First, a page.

Flavors: Butter, Caramel, Creamy, Salt, Sweet, Thick
Todd gave me one of the pre-sealed packages of this tea he got from his China trip. It is a sachet-style teabag and smells strongly of the artificial peach found in candy. As it steeps, I start to get some aroma notes of minerals, greens, butter, and baked apple.
The oolong was coming off quite strongly right after removing the teabag, but the peach starts to come forward and the flavors smooth out as the tea cools a bit. The oolong has a leafy vegetal flavor and is slightly buttery. The peach comes in about mid-sip and lingers in the aftertaste. It is definitely that artificial peach candy flavor, but not nearly as sweet. The apple note blinks a bit in the background, but is hard to pick up on.
It reminds me of a poor man’s version of Lupicia’s Momo Oolong Super Grade.
Flavors: Apple, Artificial, Butter, Fruity, Green, Peach, Vegetal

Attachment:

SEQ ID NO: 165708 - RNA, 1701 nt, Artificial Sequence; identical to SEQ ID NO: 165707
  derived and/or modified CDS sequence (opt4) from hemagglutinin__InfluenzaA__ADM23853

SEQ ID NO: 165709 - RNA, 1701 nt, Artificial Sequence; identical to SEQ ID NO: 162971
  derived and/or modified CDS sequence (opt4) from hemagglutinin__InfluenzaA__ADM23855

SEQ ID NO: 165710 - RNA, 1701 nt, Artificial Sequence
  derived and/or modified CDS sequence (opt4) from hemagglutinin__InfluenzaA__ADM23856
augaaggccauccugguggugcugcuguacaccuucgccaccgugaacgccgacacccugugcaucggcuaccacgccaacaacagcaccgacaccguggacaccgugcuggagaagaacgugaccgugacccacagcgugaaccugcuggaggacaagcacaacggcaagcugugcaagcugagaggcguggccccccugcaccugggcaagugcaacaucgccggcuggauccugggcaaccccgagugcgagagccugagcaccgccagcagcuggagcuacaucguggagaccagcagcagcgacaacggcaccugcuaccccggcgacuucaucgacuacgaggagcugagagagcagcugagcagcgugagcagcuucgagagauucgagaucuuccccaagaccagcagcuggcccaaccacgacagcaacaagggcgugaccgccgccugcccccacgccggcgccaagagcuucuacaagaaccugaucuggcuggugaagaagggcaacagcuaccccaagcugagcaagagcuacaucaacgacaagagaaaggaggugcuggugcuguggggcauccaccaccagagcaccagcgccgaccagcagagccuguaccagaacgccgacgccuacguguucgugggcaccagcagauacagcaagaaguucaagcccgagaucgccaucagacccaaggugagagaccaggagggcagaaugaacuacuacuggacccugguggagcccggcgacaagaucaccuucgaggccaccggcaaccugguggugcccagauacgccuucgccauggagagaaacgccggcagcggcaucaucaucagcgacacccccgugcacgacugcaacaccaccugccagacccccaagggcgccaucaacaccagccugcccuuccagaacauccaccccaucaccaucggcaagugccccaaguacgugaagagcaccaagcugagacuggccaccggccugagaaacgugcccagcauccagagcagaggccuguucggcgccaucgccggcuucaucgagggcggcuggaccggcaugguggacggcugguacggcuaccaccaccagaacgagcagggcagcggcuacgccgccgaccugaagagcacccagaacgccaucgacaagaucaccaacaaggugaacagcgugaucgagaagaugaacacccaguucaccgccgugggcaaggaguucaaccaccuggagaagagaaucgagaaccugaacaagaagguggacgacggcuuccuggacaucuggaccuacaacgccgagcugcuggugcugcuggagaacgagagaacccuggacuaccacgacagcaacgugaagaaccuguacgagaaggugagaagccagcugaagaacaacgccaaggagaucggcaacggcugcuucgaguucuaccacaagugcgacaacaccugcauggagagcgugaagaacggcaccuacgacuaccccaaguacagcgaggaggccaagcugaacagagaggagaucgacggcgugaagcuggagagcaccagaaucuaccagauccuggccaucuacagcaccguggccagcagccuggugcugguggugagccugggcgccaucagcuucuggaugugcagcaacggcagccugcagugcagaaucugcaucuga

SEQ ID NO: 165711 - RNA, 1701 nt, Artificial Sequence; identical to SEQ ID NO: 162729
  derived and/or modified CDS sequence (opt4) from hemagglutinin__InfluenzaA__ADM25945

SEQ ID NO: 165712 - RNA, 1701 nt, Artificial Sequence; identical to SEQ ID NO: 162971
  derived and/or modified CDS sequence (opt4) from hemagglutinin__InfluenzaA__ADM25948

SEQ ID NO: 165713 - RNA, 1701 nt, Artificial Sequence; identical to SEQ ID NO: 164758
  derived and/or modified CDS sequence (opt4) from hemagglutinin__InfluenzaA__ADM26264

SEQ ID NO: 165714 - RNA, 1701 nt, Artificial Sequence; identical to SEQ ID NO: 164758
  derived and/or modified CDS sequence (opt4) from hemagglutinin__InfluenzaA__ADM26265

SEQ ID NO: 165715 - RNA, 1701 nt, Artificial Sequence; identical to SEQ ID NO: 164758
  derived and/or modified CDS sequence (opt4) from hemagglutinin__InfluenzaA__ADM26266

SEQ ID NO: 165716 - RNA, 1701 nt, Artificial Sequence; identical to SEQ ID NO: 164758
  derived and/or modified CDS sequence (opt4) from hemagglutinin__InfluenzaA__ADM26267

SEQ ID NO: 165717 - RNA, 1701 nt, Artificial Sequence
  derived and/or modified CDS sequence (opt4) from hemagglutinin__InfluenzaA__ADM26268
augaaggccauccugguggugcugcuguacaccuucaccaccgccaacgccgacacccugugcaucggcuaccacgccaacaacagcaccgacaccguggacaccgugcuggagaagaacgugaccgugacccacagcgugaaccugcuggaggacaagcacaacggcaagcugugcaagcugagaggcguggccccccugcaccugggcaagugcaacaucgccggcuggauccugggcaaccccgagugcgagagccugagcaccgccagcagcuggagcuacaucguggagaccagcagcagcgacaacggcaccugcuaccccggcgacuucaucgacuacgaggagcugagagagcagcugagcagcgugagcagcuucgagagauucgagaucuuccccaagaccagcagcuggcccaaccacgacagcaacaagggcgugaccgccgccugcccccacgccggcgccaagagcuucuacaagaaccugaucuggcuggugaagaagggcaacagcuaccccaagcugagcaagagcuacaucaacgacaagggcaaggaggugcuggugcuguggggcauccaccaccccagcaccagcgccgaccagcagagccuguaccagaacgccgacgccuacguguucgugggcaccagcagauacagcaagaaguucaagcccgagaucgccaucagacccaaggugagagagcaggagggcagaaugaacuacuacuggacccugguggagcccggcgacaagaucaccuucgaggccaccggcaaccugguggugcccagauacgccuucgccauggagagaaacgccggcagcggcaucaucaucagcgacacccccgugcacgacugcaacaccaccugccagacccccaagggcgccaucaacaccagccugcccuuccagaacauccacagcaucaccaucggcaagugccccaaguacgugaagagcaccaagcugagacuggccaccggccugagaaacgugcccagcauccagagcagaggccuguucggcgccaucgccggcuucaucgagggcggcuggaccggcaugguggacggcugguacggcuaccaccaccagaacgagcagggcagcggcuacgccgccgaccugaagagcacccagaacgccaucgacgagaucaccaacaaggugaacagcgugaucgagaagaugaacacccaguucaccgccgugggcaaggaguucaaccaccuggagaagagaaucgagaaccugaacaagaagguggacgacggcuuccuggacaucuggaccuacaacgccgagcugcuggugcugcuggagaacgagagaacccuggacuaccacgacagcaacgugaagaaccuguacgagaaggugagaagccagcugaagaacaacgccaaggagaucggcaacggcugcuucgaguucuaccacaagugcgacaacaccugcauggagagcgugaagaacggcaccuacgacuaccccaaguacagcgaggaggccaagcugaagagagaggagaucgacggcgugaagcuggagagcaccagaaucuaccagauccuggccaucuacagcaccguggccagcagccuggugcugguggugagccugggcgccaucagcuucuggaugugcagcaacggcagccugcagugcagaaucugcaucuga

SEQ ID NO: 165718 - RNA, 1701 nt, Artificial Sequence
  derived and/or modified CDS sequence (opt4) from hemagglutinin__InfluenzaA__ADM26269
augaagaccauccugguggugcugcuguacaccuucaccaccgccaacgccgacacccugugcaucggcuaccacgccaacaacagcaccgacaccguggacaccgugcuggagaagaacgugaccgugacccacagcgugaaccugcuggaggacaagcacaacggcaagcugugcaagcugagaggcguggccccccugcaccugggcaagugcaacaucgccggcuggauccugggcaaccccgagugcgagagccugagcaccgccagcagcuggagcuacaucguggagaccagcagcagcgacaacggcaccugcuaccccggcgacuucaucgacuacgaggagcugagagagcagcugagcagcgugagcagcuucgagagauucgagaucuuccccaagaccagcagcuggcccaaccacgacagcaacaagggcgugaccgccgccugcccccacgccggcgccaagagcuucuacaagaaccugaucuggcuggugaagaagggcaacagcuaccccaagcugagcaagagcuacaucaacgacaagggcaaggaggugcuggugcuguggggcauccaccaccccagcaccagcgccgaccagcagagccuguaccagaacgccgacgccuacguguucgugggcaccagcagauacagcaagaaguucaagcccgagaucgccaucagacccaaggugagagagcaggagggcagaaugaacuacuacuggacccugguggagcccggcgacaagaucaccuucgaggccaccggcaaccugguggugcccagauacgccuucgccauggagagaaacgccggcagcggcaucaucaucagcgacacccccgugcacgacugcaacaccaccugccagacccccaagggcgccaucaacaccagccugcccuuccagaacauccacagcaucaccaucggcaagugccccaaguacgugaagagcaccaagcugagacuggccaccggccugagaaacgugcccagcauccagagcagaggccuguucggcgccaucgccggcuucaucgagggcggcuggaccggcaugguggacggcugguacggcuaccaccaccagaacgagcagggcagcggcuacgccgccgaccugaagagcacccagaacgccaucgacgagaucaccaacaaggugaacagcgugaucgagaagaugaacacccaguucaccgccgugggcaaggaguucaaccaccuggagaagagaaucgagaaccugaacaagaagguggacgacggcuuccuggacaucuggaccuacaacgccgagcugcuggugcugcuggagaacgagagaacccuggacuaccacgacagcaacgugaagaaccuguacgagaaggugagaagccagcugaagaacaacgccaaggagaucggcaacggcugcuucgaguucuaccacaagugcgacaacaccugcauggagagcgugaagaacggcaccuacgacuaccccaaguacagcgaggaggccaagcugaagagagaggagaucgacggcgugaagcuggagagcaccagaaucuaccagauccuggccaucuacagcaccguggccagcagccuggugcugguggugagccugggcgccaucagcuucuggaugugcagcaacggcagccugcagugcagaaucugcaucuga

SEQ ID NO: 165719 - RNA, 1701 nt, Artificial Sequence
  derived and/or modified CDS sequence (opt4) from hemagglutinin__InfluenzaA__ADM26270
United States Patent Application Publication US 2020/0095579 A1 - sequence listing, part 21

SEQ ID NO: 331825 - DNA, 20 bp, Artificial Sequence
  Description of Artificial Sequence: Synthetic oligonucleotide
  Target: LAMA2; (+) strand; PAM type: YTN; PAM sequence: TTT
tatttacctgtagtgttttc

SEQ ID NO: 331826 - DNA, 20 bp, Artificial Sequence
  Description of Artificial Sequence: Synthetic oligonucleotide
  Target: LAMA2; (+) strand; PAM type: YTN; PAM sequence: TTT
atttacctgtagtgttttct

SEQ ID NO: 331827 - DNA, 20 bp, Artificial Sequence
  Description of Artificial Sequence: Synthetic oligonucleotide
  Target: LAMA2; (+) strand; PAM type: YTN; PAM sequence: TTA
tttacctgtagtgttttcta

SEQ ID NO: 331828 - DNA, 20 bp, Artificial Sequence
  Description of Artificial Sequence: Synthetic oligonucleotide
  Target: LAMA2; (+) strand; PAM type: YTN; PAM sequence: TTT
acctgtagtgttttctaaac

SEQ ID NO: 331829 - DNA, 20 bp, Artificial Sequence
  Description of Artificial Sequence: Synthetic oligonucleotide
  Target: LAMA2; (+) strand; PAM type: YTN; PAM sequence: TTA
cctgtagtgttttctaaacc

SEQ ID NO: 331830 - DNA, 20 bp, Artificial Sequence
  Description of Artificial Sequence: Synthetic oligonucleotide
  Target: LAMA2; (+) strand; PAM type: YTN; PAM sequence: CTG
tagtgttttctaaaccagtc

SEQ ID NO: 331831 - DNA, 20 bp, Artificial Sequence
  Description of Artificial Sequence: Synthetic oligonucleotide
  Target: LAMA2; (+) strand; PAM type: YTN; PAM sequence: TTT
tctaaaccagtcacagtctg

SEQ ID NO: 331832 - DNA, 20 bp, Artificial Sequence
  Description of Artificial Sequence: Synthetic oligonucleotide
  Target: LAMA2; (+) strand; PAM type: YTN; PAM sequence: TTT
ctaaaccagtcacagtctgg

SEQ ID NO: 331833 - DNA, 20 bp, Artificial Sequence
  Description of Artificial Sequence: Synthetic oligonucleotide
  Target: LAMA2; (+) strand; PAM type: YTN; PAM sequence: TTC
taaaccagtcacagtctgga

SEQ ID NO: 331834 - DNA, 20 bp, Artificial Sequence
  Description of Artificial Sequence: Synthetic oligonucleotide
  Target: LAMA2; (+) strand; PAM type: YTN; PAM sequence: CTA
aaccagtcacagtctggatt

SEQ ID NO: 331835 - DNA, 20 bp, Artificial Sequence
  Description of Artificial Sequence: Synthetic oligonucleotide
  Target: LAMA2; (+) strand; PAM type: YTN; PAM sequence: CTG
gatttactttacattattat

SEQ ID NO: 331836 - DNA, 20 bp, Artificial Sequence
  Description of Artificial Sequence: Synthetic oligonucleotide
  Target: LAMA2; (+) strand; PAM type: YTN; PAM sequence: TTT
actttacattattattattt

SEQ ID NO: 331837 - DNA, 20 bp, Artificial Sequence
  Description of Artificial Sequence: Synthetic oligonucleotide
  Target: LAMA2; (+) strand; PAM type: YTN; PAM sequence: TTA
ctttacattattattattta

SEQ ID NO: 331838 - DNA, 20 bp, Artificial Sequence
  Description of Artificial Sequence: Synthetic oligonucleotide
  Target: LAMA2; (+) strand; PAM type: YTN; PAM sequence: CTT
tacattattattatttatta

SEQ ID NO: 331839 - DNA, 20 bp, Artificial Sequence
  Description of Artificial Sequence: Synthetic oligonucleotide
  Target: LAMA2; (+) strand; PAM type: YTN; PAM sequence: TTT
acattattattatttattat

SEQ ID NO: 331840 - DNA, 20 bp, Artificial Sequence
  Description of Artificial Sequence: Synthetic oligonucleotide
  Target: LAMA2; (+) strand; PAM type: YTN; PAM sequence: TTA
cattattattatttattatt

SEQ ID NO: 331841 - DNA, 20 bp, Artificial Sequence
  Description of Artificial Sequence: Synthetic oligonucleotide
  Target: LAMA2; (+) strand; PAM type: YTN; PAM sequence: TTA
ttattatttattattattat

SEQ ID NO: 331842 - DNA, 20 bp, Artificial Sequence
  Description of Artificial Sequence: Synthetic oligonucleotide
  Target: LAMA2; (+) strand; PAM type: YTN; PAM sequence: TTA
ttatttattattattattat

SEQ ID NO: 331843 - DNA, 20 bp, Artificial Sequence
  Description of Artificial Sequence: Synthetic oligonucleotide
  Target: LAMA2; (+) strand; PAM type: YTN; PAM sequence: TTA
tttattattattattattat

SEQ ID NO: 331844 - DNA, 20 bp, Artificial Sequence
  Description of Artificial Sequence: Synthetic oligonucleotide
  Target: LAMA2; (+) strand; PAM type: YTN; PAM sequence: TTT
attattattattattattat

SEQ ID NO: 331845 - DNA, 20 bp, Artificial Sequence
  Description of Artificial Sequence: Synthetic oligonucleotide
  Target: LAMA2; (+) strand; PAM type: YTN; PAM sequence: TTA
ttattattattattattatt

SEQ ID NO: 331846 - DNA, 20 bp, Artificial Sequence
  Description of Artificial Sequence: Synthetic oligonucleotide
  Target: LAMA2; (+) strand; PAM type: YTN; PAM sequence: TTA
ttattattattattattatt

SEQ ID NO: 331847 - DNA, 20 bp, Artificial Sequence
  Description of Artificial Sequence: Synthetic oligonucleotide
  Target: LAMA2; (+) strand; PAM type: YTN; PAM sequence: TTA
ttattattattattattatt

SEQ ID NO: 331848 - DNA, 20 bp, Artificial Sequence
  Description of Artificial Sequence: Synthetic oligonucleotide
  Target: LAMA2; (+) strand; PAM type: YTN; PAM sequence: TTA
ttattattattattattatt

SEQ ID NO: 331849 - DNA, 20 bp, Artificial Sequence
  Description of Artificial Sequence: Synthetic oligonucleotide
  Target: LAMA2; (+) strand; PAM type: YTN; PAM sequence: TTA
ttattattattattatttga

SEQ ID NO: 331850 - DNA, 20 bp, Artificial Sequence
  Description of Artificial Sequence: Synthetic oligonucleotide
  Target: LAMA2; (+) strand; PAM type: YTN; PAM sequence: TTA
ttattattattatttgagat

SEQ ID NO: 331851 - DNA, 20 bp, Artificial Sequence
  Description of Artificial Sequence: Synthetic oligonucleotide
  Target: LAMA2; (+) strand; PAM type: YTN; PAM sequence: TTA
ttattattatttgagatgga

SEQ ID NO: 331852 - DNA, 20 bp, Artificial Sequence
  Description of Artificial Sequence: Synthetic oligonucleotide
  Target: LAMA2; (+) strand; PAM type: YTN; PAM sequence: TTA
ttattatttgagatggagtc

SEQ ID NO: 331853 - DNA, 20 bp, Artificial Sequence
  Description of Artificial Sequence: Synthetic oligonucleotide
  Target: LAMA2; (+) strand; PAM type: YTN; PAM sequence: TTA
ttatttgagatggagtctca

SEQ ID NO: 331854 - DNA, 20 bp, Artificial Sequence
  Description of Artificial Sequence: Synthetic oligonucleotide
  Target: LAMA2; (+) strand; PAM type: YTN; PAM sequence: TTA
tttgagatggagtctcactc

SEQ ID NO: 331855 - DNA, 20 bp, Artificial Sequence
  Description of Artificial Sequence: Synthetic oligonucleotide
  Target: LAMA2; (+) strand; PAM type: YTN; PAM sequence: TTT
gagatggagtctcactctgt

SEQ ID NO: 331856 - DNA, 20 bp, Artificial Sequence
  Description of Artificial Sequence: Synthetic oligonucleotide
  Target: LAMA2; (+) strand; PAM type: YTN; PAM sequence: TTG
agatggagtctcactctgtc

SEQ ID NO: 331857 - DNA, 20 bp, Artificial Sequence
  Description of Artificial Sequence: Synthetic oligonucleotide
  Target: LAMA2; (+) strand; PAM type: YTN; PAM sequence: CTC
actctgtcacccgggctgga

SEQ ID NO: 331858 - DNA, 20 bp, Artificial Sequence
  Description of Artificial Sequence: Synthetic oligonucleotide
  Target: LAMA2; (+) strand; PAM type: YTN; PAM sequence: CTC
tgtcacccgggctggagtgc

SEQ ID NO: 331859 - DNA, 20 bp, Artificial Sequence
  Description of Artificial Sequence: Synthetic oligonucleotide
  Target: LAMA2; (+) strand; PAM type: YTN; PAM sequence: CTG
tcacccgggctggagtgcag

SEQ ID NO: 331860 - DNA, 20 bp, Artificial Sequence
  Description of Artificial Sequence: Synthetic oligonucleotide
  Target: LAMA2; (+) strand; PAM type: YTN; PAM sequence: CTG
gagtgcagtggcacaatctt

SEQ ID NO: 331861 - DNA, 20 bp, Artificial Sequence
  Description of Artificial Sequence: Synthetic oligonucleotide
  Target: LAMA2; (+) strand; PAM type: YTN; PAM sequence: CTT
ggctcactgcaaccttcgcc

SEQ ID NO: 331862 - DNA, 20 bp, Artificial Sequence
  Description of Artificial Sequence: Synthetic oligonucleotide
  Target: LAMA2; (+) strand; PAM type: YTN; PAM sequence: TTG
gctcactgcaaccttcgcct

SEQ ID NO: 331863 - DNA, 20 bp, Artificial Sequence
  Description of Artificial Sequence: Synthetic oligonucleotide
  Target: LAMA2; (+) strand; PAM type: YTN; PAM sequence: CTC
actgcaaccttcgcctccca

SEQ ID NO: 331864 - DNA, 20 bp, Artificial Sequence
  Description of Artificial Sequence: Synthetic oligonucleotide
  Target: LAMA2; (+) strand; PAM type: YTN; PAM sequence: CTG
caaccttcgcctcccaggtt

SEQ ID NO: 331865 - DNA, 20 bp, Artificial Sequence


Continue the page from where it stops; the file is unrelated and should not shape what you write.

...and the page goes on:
Todd gave me one of the pre-sealed packages of this tea he got from his China trip. It’s… very strange. When you open up the package, rather than having a teabag inside, it’s this solid square that looks like a solidified honey-like substance with one dried lemon slice and one dried kumquat enclosed inside. The instructions say to drop it in cold or room temperature water, though I could find no information on exactly how much water one “cube” is for… I used a liter knowing it might be a bit watered down since I was guessing. The cube dissolves in the cold water very quickly, and leaves the lemon slice and kumquat floating in the water. I couldn’t really find any information on the ingredients… one source said it was instant jasmine green tea? If so, I definitely don’t taste anything remotely like jasmine or green tea in flavor. It just tastes like lemonade, albeit waaaaaaaaay less sweet (which I prefer). It is bright and citrusy, and while I think it tastes fine with the amount of water I used, it would probably be a bit stronger and punchier at a half-liter, instead.